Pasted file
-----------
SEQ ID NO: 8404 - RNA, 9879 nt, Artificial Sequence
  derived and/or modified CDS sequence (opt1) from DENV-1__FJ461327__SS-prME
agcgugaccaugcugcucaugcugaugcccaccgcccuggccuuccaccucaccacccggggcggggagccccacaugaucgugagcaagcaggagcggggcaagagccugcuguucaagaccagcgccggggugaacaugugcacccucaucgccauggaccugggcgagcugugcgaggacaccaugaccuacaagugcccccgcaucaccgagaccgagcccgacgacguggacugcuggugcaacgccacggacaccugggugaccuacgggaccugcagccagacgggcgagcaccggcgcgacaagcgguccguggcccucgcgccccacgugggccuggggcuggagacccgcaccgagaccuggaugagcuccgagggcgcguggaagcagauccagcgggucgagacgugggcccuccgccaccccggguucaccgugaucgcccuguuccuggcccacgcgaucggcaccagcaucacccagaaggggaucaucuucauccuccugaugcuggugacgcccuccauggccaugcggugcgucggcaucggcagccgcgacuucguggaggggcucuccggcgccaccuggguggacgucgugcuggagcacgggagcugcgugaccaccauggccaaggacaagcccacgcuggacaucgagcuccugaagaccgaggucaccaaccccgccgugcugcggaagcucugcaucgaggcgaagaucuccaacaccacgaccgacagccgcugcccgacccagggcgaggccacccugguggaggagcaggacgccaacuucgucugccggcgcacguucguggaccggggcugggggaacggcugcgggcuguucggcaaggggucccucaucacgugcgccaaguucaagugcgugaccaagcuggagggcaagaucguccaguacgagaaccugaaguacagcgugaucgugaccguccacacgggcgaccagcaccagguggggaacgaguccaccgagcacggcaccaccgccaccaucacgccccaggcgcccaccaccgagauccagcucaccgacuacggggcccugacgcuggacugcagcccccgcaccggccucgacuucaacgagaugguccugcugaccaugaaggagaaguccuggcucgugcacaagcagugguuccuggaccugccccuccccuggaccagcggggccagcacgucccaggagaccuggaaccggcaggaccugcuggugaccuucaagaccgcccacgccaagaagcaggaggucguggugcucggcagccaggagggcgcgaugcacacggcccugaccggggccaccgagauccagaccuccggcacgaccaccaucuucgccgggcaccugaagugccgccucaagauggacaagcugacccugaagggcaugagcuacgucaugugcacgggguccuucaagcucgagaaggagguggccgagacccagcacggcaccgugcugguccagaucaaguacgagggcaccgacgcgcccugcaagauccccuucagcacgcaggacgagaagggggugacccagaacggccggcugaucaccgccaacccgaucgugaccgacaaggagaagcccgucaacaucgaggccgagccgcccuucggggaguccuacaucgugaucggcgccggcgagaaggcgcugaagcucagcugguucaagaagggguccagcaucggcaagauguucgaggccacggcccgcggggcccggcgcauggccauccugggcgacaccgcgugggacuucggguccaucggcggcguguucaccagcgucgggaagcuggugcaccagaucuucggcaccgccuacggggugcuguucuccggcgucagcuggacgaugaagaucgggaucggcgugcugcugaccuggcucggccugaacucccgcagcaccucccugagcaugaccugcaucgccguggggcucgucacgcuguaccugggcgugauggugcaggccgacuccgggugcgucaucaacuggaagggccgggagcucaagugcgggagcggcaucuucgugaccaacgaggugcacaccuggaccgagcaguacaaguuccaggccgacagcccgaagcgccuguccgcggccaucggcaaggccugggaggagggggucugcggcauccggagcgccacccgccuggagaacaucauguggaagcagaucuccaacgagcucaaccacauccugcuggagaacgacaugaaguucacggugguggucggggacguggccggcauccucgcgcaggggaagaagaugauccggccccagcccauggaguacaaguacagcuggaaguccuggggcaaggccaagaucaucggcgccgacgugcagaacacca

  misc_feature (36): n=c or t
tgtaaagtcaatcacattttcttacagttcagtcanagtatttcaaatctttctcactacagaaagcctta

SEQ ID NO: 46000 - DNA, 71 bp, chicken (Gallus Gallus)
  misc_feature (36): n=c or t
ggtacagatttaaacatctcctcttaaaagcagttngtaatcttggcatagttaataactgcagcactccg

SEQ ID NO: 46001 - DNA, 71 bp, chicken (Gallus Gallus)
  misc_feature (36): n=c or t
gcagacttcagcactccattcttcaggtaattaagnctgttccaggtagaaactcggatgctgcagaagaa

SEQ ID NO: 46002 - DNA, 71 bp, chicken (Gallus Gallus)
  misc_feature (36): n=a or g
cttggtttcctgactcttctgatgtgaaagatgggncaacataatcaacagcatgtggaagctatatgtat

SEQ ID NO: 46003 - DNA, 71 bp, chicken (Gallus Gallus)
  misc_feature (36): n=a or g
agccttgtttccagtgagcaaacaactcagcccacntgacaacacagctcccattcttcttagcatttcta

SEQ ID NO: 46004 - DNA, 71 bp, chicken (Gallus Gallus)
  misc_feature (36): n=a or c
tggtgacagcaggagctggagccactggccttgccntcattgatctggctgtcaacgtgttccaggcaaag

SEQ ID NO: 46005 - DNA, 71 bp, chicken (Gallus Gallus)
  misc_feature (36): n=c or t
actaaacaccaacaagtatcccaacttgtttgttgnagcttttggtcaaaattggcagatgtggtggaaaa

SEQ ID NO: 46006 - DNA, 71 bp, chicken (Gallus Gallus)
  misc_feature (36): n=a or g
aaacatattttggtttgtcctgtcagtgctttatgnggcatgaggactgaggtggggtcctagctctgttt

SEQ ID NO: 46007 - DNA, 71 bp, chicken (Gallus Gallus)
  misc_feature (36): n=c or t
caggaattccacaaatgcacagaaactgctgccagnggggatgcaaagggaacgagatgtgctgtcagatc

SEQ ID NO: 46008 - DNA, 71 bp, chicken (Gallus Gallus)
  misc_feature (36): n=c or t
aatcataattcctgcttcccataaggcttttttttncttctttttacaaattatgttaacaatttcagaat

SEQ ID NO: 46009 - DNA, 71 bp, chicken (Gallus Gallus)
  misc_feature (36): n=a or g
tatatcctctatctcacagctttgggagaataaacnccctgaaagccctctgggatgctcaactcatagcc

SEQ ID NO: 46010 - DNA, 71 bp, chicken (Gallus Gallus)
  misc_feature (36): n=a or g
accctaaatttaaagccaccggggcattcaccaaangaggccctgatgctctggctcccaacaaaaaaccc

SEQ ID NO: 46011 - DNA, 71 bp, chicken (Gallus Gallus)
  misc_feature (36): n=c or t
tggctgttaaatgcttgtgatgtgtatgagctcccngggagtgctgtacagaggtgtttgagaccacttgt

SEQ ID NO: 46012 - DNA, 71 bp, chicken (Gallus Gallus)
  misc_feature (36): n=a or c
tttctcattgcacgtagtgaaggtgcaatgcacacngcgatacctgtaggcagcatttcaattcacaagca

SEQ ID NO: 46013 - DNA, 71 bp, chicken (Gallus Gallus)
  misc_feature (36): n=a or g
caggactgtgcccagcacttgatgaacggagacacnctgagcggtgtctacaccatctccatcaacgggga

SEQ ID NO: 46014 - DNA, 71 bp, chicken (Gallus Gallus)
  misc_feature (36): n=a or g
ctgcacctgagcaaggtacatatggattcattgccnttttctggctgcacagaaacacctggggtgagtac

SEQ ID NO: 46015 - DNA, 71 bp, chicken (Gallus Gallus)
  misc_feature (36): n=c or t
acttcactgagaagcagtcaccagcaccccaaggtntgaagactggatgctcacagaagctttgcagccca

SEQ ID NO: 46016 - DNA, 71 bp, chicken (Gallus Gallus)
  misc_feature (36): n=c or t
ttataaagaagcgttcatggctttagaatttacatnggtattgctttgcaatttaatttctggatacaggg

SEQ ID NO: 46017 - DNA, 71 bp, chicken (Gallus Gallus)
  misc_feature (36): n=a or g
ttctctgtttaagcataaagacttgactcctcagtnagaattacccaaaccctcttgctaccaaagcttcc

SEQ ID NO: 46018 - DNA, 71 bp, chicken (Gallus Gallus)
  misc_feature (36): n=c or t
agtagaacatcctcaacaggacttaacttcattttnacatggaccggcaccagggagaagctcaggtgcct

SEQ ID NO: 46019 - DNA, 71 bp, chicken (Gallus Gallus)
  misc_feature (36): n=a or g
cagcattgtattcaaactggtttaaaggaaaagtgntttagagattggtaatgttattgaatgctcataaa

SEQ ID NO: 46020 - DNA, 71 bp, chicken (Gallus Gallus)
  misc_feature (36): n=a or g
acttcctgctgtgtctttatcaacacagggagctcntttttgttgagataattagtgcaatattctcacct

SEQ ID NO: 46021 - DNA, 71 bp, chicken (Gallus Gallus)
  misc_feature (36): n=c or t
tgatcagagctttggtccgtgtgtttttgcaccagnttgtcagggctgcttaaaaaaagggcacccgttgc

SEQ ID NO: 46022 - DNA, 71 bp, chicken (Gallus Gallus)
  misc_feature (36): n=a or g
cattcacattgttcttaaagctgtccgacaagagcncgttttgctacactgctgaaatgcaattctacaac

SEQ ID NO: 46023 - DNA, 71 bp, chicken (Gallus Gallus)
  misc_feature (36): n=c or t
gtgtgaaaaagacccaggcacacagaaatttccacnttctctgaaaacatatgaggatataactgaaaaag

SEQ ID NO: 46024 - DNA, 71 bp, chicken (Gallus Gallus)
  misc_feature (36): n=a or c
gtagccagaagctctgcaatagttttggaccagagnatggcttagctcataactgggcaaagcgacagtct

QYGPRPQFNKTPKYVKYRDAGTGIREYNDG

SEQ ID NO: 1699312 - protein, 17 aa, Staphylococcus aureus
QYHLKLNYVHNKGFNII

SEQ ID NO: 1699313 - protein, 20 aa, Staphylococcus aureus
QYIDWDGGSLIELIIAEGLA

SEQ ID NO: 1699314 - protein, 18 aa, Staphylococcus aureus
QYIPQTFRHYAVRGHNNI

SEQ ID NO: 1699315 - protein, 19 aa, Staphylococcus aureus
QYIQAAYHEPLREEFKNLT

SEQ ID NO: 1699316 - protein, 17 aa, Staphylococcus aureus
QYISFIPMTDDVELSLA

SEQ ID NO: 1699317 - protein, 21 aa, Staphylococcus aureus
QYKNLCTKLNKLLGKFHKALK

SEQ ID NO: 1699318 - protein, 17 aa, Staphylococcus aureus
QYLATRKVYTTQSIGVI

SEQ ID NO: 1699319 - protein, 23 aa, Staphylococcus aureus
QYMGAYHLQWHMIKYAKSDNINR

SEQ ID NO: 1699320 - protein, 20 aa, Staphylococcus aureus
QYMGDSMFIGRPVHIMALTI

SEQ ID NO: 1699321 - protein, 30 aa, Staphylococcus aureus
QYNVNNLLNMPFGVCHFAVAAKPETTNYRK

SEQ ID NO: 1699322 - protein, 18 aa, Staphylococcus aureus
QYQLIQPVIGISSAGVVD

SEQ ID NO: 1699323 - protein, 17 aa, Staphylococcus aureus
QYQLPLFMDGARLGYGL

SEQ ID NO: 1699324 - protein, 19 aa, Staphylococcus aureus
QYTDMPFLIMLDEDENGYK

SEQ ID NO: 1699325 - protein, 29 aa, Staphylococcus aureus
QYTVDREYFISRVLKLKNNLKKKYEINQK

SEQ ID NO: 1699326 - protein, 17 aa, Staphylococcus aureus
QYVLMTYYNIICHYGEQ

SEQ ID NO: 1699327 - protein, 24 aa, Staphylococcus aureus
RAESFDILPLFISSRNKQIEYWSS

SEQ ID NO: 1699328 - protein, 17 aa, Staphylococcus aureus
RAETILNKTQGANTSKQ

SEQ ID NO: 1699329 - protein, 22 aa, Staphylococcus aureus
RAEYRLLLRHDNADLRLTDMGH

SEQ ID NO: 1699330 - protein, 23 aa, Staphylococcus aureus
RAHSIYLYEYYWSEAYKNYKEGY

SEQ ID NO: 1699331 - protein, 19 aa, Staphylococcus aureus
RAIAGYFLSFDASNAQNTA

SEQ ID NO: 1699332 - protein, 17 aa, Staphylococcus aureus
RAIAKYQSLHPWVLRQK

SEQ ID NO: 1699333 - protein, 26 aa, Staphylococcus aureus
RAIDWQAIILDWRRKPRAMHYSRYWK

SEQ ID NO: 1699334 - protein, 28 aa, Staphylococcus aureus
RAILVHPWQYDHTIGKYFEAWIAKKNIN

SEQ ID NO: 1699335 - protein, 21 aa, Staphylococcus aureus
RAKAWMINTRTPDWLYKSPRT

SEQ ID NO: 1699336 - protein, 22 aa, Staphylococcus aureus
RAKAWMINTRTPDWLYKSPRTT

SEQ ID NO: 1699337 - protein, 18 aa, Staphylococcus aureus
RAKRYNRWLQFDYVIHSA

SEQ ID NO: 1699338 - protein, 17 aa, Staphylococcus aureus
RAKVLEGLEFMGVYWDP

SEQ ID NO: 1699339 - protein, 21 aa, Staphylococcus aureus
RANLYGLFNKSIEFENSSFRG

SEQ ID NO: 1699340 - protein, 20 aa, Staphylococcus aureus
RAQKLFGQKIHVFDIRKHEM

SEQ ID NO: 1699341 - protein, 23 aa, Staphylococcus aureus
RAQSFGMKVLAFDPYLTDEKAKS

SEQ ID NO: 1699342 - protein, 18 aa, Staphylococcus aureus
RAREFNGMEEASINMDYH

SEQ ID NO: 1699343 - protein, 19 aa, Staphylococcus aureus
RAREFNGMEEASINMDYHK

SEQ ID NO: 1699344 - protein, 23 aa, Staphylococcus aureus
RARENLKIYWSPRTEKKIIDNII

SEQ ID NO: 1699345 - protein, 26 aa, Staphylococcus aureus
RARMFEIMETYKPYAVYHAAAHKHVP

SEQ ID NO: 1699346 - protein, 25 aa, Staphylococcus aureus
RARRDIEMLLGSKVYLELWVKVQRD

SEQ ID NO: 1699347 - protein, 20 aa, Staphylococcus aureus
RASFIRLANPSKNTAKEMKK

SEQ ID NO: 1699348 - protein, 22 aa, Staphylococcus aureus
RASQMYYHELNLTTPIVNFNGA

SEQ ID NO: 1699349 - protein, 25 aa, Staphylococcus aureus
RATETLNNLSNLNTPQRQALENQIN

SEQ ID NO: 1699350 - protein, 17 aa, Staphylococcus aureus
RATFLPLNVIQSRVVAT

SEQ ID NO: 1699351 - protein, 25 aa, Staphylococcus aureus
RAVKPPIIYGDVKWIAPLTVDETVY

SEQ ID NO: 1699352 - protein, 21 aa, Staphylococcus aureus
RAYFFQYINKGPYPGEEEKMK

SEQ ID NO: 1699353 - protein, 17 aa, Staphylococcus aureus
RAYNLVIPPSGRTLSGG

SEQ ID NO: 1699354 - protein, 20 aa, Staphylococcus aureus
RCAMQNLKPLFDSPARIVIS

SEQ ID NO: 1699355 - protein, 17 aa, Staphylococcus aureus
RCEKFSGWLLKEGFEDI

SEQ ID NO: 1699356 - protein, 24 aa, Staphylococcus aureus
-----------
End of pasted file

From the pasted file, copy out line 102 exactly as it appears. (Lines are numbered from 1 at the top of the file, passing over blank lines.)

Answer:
SEQ ID NO: 1699322 - protein, 18 aa, Staphylococcus aureus